Hong Kong Halloween


When and how did Halloween become such a big deal here? I can understand why Park n Shop and Wellcome want to flog as much as possible, but how does importing this pagan celebration fit in to the city's cultural landscape? Will we see politicians standing by the road side with a pumpkin and will anyone be able to tell the difference? Tonight I'll have the pleasure of taking my kids around to get their body weight in lollies and chocolate, which they will thoroughly enjoy. I'll also have the pleasure of having to ask numerous young adults WTF they think they're doing sticking their hands out for's often hard to tell if they're dressed up. Meanwhile everyone else will be trying to scare the living daylights out of young kids. I suppose that's the deal: nightmares for candy. Couldn't we come up with something better?...

Stupid HK things


Why does the SCMP insist on using the most inane breakout boxes in history, simply so they can have a number in large type in the middle of an article? Typically the number is a repeat of some factoid from the attached article. For example in today's world section the box says "The numer of cars it would take to produce the equivalent emissions in a year: 440,000" in talking about the California forest fires. The article has the same information in paragraph three...but the editors assume you won't get that far. How about this: number of useless factoid boxes with numbers in today's SCMP? Secondly, what's with the idea of politicians standing by the road side and waving to speeding motorists? If that's how politicians here promote themselves then one needs to reconsider their marketing techniques. Have there been any wave inspired car accidents yet? Has anyone driven...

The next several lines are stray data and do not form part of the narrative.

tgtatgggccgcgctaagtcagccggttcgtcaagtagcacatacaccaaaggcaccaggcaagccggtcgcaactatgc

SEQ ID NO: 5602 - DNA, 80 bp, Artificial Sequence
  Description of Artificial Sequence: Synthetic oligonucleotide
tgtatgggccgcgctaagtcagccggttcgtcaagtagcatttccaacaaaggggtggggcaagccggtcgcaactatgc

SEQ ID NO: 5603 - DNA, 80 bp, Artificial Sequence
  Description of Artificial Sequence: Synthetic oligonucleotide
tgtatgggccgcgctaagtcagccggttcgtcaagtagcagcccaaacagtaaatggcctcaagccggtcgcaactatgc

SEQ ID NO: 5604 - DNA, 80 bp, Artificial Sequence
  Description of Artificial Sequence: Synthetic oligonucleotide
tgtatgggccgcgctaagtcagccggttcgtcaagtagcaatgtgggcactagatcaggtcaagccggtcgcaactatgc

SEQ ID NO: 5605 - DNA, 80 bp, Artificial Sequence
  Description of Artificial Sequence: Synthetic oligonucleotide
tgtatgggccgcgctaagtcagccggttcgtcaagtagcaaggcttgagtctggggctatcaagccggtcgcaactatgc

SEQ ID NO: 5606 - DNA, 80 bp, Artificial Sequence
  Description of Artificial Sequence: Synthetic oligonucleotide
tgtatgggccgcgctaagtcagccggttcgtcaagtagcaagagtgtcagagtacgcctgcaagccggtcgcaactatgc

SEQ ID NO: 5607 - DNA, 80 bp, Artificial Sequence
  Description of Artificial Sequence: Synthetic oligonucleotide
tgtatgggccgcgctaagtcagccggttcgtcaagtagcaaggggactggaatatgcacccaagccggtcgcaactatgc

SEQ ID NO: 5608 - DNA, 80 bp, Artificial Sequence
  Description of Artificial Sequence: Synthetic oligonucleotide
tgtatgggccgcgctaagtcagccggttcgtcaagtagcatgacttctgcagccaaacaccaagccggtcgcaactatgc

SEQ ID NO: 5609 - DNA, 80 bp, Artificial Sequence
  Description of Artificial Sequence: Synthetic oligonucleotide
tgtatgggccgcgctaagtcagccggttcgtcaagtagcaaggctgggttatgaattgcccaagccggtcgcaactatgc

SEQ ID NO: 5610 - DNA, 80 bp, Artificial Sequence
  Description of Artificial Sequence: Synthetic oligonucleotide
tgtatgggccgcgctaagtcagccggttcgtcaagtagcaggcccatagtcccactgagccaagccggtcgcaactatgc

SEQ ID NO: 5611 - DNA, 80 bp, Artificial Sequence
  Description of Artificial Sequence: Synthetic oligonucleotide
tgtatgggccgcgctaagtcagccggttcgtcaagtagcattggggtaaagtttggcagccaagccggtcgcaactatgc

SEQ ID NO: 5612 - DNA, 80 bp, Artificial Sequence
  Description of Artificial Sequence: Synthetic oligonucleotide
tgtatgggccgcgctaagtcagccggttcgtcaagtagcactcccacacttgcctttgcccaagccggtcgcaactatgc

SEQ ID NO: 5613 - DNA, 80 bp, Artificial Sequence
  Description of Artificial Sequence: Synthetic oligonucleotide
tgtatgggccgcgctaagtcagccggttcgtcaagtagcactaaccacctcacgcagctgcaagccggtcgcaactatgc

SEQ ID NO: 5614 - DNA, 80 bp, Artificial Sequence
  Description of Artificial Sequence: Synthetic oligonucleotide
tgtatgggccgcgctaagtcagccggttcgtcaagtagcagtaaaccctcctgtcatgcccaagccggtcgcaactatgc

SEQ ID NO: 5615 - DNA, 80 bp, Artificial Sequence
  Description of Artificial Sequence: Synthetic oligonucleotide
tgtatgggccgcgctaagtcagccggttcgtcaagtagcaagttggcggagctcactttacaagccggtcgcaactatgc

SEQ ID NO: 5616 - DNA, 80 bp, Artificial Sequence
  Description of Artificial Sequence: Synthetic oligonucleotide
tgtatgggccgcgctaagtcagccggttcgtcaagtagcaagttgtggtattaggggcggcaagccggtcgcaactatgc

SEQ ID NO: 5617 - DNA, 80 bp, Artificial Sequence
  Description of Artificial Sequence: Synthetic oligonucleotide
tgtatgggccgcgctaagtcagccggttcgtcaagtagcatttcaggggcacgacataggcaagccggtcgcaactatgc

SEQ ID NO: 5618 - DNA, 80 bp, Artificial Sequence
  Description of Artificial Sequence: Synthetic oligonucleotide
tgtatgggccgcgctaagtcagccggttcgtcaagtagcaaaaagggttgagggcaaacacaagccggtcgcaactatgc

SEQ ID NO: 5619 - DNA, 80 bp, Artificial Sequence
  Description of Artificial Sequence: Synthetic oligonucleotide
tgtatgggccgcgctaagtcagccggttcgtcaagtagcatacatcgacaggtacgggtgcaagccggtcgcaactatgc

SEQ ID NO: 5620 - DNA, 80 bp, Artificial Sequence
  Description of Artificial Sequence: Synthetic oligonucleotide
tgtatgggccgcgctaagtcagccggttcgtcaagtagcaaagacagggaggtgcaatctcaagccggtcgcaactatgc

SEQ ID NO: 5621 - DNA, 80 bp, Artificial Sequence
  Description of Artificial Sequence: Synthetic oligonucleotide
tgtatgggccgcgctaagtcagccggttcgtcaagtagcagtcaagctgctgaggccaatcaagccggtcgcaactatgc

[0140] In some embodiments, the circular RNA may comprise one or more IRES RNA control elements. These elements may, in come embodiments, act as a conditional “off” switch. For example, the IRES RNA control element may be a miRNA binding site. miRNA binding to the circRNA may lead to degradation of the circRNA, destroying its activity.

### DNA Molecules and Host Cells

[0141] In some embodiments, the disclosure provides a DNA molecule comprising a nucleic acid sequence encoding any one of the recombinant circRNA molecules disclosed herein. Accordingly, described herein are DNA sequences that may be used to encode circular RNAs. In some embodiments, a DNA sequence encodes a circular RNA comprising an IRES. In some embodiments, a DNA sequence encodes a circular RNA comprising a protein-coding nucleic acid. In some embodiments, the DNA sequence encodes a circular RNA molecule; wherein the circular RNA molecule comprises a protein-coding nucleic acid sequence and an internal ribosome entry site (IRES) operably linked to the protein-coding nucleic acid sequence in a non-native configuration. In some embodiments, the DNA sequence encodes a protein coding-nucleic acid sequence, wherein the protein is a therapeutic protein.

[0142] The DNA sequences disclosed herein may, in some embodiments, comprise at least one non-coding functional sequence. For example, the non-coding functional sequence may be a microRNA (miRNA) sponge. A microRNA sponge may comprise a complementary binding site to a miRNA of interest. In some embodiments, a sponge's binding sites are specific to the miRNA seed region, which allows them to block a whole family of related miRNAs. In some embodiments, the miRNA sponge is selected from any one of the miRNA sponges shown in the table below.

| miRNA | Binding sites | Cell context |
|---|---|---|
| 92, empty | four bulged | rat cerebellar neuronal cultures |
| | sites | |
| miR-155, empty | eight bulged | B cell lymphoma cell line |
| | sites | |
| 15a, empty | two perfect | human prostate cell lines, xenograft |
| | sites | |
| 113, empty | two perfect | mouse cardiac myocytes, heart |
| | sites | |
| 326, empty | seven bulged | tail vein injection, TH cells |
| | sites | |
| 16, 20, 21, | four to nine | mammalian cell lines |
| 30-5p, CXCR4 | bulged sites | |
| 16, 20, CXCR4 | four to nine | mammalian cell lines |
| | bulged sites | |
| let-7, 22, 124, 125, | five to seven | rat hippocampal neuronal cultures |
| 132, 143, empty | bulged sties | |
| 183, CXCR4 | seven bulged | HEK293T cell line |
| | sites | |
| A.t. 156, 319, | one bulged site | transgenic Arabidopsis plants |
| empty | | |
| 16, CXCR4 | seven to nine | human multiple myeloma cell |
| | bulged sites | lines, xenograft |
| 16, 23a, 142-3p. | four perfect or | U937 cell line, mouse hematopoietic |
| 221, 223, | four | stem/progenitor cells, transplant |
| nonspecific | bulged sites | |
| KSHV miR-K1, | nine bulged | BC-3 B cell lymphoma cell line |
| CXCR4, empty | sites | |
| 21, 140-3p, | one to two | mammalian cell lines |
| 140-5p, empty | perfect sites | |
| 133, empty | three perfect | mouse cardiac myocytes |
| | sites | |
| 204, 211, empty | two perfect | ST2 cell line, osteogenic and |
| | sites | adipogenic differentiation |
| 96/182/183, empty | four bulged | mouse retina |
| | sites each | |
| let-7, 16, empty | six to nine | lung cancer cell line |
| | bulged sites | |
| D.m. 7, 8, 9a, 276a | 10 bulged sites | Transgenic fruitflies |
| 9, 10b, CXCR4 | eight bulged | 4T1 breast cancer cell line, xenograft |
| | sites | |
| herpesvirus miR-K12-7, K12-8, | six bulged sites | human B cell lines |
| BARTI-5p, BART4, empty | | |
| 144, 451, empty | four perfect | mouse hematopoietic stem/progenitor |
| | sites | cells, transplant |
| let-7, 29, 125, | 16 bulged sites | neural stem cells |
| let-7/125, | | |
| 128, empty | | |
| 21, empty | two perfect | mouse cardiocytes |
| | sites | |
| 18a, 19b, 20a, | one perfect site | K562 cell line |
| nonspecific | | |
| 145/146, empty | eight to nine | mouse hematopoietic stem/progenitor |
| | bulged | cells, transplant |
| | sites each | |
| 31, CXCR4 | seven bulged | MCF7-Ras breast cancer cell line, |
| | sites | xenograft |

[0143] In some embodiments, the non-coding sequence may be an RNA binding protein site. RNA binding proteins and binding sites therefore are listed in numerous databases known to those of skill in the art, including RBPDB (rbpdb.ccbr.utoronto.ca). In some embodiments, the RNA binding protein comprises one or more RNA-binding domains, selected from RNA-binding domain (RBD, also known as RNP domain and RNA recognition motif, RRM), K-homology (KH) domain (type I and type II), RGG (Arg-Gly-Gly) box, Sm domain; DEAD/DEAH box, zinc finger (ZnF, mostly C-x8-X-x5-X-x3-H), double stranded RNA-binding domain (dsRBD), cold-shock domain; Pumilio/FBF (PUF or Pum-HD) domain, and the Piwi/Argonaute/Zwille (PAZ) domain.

Voting Tsang style